This group was set up in 1992 after it was rumoured that the library was to be closed by Sheffield City Council. In the end the library remained open although six branch libraries did close in the city in 1995. The group's aims are to help maintain a library service in Walkley, to support improvements to the library service, to encourage the provision of a wide range of activities which will extend the use and popularity of the library service and building and to help maintain and improve the unique Walkley Library building. The group lobbied for and gained listed building status for the building from English Heritage in February 1993.[2]

Walkley Against Library Closures[edit]

In 2013 library closures are once again on Sheffield City Council's agenda. In September 2013 Walkley Library was identified as one of 15 city libraries slated for closure in the Sheffield City Council library review.[3] A campaign group called Walkley Against Library Closures (WALC) formed in February 2013 to fight the closure of all city public libraries including Walkley.

Walkley Community Library Futures Group[edit]

Walkley Community Library Futures Group (WCLFG) was a group formed by local residents to examine options for running Walkley Library as a community endeavour, given the withdrawal of public funding. They submitted a draft business plan in January 2014 which was accepted, then submitting an Associate Library business plan in July 2014. A bid was also submitted by The Forum Cafe' Bars Ltd. Both bids were accepted by Sheffield City Council, who suggested that the parties work together to create a combined library and cafe bar facility.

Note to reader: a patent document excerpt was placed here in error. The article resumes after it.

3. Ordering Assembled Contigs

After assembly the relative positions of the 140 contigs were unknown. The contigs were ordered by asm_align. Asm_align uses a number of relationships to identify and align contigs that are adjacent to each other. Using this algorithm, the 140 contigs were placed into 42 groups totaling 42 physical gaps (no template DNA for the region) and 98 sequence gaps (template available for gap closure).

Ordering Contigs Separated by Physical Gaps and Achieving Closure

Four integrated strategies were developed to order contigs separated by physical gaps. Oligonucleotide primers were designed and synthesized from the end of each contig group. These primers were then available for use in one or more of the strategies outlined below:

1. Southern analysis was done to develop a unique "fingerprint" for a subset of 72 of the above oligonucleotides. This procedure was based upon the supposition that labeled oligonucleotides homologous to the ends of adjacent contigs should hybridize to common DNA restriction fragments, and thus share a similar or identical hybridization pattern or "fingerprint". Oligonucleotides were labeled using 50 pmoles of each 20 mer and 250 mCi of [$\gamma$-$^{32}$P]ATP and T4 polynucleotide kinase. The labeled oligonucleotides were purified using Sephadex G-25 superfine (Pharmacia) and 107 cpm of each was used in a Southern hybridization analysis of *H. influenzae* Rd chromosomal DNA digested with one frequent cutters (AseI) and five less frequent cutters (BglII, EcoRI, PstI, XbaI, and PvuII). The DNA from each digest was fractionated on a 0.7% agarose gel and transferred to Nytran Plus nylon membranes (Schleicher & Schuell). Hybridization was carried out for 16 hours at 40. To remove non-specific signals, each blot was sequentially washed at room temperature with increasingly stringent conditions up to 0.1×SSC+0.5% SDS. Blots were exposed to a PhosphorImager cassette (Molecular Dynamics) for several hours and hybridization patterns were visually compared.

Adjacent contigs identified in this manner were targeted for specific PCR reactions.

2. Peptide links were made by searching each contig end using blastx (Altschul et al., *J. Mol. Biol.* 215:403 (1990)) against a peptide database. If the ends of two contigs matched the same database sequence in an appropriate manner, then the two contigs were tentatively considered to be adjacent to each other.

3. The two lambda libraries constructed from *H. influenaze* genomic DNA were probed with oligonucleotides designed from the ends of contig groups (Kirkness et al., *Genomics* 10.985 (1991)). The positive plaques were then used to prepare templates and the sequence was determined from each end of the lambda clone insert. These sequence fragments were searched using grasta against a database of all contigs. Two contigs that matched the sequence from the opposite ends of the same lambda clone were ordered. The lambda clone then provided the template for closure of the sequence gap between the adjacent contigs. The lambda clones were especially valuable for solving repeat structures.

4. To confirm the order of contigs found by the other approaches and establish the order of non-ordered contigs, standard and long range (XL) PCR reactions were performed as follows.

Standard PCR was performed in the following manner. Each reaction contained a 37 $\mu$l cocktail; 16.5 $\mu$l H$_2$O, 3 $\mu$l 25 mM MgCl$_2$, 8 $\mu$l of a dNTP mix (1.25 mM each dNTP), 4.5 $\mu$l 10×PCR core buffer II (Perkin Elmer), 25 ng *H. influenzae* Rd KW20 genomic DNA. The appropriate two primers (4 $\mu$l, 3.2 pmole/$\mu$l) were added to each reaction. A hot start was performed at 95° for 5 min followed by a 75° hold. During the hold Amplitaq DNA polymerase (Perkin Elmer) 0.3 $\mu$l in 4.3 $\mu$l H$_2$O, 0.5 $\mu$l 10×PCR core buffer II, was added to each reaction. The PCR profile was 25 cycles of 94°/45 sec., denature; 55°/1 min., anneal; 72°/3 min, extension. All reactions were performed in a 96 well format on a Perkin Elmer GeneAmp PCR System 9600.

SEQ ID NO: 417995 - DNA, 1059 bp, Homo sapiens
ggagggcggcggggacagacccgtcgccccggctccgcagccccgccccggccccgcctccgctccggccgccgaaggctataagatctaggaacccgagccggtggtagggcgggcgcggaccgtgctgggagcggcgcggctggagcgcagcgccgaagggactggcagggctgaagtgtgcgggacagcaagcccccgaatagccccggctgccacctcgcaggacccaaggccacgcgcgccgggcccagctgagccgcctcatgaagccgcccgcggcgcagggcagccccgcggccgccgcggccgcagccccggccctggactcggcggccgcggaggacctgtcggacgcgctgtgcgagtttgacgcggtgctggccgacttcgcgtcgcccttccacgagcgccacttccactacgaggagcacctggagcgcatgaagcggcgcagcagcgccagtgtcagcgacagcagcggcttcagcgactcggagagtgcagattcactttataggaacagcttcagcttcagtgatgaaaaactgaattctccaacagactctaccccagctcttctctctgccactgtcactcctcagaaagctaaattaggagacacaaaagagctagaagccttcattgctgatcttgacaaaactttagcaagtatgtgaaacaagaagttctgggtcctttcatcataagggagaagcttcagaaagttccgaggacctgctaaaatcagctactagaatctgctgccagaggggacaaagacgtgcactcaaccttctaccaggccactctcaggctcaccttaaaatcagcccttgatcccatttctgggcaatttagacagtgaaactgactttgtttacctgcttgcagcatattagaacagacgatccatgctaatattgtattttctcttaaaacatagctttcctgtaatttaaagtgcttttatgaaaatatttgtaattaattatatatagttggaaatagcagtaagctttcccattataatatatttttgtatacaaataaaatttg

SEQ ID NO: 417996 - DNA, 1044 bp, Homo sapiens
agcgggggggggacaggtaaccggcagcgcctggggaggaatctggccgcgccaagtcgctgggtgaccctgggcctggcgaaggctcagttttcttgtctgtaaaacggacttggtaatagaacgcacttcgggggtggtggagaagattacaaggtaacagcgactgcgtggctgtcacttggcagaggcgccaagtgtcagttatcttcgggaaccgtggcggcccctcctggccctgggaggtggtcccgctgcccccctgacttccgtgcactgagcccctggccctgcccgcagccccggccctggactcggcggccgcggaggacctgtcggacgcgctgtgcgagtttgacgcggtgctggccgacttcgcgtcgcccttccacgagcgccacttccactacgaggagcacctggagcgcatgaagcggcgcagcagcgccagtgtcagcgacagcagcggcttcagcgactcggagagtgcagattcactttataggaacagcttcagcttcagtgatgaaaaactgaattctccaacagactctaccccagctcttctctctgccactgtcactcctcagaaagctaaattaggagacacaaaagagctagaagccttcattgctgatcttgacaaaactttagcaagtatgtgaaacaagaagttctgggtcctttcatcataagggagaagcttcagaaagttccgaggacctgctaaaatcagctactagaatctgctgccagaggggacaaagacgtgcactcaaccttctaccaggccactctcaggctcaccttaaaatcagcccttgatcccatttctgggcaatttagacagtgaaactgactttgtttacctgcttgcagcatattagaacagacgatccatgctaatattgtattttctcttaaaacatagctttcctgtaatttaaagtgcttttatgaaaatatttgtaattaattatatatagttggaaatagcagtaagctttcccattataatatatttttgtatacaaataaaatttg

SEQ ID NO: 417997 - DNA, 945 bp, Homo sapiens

Walkley Carnegie Library[edit]

Walkley Carnegie Library[4] was formed by local residents, including members of WCLFG, to run the library, and to plan a proposed combined library and cafe bar facility in association with The Forum Cafe' Bars Ltd. Walkley Carnegie Library took over running of the library from Sheffield City Council on November 17, 2014.

Architecture[edit]

The building consists of two wings and is in the Tudor Revival style with the stone for the external walls being quarried locally at the Bole Hills quarry at Crookes with the smooth dressing stone around the entrance and windows coming from Stoke Hall at Calver. The building originally had a small ornamental wooden cupola over the entrance hall but this was removed in 1956 after it was deemed to be unsafe. The building is small but quite striking with its large bay windows and distinctive entrance which consists of a portico with six Ionic columns with a curving staircase leading to it.[5][6]

References[edit]

  1. ^ "A Veritable University - Memories Of Walkley And Its Library", Walkley Library Millennium Publication, No ISBN, Gives history of library.
  2. ^ University Of Sheffield “Do Public Libraries Need Friends“. Gives details of WLAG.
  3. ^ Sheffield City Council Library Review, 2013
  4. ^ Walkley Carnegie Library
  5. ^ British Listed Buildings. Gives details of architecture and some history.
  6. ^ "Pevsner Architectural Guides - Sheffield", Ruth Harman & John Minnis, ISBN 0 300 10585 1, page 281, Gives details of architecture and some history.

Coordinates: 53°23′42″N 1°30′11″W / 53.394935°N 1.503056°W / 53.394935; -1.503056